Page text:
Goldman sees Asia stock opportunities after yield-led slide


The biggest slump in Asian stocks since March hasn’t shaken the faith of strategists, who recommend buying regional cyclical shares on expectations of a strong economic rebound from the pandemic.

Growth can offset rate risks, a Goldman Sachs Group Inc. team including Timothy Moe wrote in a note Monday, saying they prefer value cyclicals and short versus long duration ideas. Sanford C. Bernstein and Oanda Asia Pacific Pte see Asian stocks weathering a global surge in sovereign bond yields to stay ahead of their U.S. peers in 2021.

“We stay constructive on regional equities with modest downside risk from higher rates/volatility likely to create buying opportunities on corrections,” the Goldman strategists wrote. “We would not expect as sharp an equity reaction now unless yields rise more significantly or the Fed signals changes.”

Despite its 3.7% plunge on Friday, the MSCI Asia Pacific Index has outperformed the S&P 500’s advance this year by three percentage points. Asia’s economic revival is predicted to outdo the U.S.: the region’s emerging and developing economies are poised for more than 8% growth in 2021, almost twice as fast as a basket of advanced nations including the U.S., International Monetary Fund projections show.

“Asia should lead global equities this year,” said Rupal Agarwal, Asia quantitative strategist at Sanford C Bernstein in Mumbai. The region is recovering the strongest, and rising Treasury yields would be more supportive of a rotation to Asian value stocks, she said.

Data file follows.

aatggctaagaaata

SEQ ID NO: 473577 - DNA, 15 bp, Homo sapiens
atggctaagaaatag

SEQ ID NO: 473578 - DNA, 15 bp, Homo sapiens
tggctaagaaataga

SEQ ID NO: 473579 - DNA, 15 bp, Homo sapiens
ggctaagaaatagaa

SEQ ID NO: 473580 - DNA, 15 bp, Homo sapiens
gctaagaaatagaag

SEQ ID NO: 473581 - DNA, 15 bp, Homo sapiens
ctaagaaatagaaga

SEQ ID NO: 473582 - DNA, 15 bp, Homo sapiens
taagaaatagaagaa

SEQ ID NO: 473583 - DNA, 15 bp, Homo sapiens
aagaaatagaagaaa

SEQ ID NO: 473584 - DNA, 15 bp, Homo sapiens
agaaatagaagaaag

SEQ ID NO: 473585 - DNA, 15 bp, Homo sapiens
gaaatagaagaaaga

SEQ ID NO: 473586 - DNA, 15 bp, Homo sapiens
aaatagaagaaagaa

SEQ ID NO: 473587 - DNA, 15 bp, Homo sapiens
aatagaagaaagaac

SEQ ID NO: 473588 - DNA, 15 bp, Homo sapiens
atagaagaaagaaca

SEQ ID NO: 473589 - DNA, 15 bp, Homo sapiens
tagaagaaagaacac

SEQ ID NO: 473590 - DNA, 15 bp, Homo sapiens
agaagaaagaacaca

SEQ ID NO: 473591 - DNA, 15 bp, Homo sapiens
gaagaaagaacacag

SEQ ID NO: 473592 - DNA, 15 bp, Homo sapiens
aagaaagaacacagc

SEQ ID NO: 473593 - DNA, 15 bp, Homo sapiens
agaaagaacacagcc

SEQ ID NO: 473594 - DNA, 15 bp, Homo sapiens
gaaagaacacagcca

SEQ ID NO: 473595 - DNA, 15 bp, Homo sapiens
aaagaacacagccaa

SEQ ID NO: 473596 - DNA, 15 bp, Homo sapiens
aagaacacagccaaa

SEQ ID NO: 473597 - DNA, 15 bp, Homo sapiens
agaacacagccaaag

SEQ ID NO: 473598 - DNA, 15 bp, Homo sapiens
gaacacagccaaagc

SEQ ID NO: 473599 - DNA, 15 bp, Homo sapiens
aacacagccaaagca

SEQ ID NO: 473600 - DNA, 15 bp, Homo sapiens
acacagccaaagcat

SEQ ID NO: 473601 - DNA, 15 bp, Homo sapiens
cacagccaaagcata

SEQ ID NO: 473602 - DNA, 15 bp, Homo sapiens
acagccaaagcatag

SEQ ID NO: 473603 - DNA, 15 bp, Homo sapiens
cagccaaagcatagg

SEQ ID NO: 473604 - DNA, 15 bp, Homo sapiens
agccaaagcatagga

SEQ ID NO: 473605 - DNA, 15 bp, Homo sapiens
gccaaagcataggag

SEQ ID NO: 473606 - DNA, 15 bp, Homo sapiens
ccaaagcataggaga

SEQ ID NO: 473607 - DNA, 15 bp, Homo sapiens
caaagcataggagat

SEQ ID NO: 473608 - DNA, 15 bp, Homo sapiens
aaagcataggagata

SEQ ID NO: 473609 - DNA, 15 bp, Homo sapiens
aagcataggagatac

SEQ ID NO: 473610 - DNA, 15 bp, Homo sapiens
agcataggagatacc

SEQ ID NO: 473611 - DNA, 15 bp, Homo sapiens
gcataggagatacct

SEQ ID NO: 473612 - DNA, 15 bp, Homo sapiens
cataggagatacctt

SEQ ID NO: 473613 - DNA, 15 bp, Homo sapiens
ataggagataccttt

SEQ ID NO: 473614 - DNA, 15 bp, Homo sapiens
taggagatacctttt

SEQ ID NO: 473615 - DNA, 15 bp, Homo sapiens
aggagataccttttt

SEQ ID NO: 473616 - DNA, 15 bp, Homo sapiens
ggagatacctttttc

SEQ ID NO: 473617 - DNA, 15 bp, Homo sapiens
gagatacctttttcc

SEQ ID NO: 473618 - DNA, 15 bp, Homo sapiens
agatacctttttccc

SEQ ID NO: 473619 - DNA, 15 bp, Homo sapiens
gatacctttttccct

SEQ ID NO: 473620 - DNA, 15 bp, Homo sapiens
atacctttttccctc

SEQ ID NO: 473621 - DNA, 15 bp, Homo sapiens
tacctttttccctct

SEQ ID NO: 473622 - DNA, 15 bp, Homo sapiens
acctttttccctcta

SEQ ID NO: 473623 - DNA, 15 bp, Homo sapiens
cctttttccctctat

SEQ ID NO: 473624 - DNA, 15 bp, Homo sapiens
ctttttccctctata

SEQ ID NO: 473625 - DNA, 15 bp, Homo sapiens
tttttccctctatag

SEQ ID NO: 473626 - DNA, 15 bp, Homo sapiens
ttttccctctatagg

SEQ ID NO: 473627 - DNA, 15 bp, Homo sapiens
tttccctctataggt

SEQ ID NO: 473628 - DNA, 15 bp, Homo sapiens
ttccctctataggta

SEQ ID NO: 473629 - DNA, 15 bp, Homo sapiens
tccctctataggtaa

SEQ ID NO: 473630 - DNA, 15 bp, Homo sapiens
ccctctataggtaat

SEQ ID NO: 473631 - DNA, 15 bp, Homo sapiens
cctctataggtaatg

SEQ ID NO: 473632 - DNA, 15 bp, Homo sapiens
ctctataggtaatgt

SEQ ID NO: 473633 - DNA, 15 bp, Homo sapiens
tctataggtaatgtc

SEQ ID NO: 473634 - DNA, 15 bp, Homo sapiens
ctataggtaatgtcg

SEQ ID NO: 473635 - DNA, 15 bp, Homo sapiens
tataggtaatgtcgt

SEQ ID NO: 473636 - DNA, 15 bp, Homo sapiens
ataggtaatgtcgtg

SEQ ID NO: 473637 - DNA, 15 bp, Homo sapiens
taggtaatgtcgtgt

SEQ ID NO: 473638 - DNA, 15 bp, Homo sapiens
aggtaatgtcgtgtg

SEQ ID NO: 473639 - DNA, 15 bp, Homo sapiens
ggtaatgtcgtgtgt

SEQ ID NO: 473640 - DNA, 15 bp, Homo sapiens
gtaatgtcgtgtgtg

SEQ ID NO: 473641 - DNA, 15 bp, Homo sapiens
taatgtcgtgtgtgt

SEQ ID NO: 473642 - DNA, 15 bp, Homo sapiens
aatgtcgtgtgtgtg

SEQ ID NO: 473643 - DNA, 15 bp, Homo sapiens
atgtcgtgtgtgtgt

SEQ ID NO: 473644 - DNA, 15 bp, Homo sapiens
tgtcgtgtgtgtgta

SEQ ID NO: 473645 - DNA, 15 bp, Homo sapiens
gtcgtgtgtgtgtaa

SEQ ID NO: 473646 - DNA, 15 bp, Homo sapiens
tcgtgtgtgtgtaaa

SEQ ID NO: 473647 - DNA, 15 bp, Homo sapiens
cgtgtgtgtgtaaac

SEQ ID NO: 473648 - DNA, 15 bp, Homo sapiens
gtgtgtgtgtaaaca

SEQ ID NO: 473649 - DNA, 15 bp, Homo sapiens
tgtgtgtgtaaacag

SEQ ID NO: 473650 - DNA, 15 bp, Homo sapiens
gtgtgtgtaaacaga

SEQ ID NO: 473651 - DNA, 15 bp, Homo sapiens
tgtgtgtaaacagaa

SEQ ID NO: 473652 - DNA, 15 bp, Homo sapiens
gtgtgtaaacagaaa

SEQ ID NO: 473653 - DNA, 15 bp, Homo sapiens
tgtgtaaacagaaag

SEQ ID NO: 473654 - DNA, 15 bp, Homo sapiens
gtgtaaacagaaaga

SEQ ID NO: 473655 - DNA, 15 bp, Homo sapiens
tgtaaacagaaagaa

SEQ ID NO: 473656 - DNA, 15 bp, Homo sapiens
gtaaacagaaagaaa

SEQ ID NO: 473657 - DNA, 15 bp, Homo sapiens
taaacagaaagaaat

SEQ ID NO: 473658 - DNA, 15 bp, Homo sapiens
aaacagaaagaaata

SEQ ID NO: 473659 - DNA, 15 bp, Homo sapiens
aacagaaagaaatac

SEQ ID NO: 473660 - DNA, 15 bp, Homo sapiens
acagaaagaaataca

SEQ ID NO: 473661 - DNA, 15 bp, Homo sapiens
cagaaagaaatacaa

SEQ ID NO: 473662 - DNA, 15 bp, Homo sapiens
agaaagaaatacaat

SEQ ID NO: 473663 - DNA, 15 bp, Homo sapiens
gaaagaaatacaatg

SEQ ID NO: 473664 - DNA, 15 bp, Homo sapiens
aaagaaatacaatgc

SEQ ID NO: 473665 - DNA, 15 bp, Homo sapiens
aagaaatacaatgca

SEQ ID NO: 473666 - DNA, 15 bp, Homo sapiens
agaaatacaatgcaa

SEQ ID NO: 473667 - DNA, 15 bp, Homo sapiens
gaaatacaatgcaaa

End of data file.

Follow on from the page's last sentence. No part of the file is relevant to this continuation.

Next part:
The MSCI Asia Pacific Index was up 1.2% as of 1:27 p.m. in Tokyo, taking its gain this year to 4.5%.

Sovereign yields have jumped on the risk of faster inflation as economies accelerate. While higher long-term borrowing costs can dull the appeal of equities, some strategists say the U.S. is more exposed than Asia because its stock market is costlier and has more growth shares, such as technology firms.

There may be some short-term downward pressure on the MSCI Asia Pacific index, but in the medium term it’s likely to outperform, said Jeffrey Halley, senior market analyst at Oanda. Unlike tech-heavy North American counterparts, Asia Pacific markets are dominated by cyclical industries, which stand to benefit from the acceleration in the global recovery, he said.

‘Diversified Approach’

However, the picture isn’t uniform across Asia. North Asia is the most sensitive to growth, while select Southeast Asian markets are more sensitive to rates, Goldman strategists wrote in their note.

They upgraded Asia’s energy and insurance sectors to overweight given the stronger reflationary backdrop, while lowering internet and media to neutral in order to trim duration risk.

Over the next 12 to 18 months, earnings outlooks are likely to be boosted by a solid Asian recovery, Tai Hui, chief Asia market strategist at JPMorgan Asset Management, wrote in a note.

“A more diversified approach, both in terms of geography and sector, should help investors to navigate the upcoming bout of market volatility,” he said.

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